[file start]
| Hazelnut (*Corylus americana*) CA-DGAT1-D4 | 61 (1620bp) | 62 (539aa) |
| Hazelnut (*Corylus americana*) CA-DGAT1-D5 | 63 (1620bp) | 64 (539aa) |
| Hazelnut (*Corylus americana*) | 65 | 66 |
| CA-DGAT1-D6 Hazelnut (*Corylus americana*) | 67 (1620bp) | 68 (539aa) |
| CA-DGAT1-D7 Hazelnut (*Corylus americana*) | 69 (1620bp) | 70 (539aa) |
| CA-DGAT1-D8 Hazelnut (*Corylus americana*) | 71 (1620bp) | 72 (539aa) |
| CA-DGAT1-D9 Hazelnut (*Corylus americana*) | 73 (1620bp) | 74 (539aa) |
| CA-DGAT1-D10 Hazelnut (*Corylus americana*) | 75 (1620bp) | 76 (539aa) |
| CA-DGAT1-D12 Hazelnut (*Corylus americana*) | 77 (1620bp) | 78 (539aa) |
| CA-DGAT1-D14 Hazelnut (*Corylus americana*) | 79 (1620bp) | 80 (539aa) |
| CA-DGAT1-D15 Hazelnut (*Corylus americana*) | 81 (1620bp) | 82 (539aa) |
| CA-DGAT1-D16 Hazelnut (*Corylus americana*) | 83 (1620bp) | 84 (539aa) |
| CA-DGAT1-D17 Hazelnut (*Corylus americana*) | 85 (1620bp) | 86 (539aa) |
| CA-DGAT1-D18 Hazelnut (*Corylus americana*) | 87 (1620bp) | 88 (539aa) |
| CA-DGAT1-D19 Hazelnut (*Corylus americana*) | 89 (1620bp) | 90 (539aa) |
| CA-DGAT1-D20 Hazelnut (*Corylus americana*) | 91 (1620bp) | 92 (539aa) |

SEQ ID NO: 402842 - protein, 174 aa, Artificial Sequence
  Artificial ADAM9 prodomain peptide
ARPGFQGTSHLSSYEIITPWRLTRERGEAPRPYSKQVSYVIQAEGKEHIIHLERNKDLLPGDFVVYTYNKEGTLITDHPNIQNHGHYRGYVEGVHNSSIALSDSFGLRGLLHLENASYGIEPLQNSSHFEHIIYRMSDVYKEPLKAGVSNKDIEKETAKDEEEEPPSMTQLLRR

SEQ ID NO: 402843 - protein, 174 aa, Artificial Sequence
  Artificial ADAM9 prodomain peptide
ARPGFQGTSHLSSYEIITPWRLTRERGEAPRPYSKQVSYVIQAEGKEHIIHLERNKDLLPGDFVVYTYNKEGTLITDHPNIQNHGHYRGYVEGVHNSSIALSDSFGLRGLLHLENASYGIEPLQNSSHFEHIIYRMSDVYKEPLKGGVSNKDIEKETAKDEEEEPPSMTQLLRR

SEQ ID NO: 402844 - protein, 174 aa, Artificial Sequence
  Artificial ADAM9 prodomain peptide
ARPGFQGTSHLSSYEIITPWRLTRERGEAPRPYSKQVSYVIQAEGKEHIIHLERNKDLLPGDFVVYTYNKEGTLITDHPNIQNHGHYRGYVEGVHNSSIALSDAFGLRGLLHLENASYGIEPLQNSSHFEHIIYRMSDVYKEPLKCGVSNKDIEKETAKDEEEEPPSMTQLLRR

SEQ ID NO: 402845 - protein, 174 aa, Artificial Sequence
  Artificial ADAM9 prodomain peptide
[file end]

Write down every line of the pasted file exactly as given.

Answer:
| Hazelnut (*Corylus americana*) CA-DGAT1-D4 | 61 (1620bp) | 62 (539aa) |
| Hazelnut (*Corylus americana*) CA-DGAT1-D5 | 63 (1620bp) | 64 (539aa) |
| Hazelnut (*Corylus americana*) | 65 | 66 |
| CA-DGAT1-D6 Hazelnut (*Corylus americana*) | 67 (1620bp) | 68 (539aa) |
| CA-DGAT1-D7 Hazelnut (*Corylus americana*) | 69 (1620bp) | 70 (539aa) |
| CA-DGAT1-D8 Hazelnut (*Corylus americana*) | 71 (1620bp) | 72 (539aa) |
| CA-DGAT1-D9 Hazelnut (*Corylus americana*) | 73 (1620bp) | 74 (539aa) |
| CA-DGAT1-D10 Hazelnut (*Corylus americana*) | 75 (1620bp) | 76 (539aa) |
| CA-DGAT1-D12 Hazelnut (*Corylus americana*) | 77 (1620bp) | 78 (539aa) |
| CA-DGAT1-D14 Hazelnut (*Corylus americana*) | 79 (1620bp) | 80 (539aa) |
| CA-DGAT1-D15 Hazelnut (*Corylus americana*) | 81 (1620bp) | 82 (539aa) |
| CA-DGAT1-D16 Hazelnut (*Corylus americana*) | 83 (1620bp) | 84 (539aa) |
| CA-DGAT1-D17 Hazelnut (*Corylus americana*) | 85 (1620bp) | 86 (539aa) |
| CA-DGAT1-D18 Hazelnut (*Corylus americana*) | 87 (1620bp) | 88 (539aa) |
| CA-DGAT1-D19 Hazelnut (*Corylus americana*) | 89 (1620bp) | 90 (539aa) |
| CA-DGAT1-D20 Hazelnut (*Corylus americana*) | 91 (1620bp) | 92 (539aa) |

SEQ ID NO: 402842 - protein, 174 aa, Artificial Sequence
  Artificial ADAM9 prodomain peptide
ARPGFQGTSHLSSYEIITPWRLTRERGEAPRPYSKQVSYVIQAEGKEHIIHLERNKDLLPGDFVVYTYNKEGTLITDHPNIQNHGHYRGYVEGVHNSSIALSDSFGLRGLLHLENASYGIEPLQNSSHFEHIIYRMSDVYKEPLKAGVSNKDIEKETAKDEEEEPPSMTQLLRR

SEQ ID NO: 402843 - protein, 174 aa, Artificial Sequence
  Artificial ADAM9 prodomain peptide
ARPGFQGTSHLSSYEIITPWRLTRERGEAPRPYSKQVSYVIQAEGKEHIIHLERNKDLLPGDFVVYTYNKEGTLITDHPNIQNHGHYRGYVEGVHNSSIALSDSFGLRGLLHLENASYGIEPLQNSSHFEHIIYRMSDVYKEPLKGGVSNKDIEKETAKDEEEEPPSMTQLLRR

SEQ ID NO: 402844 - protein, 174 aa, Artificial Sequence
  Artificial ADAM9 prodomain peptide
ARPGFQGTSHLSSYEIITPWRLTRERGEAPRPYSKQVSYVIQAEGKEHIIHLERNKDLLPGDFVVYTYNKEGTLITDHPNIQNHGHYRGYVEGVHNSSIALSDAFGLRGLLHLENASYGIEPLQNSSHFEHIIYRMSDVYKEPLKCGVSNKDIEKETAKDEEEEPPSMTQLLRR

SEQ ID NO: 402845 - protein, 174 aa, Artificial Sequence
  Artificial ADAM9 prodomain peptide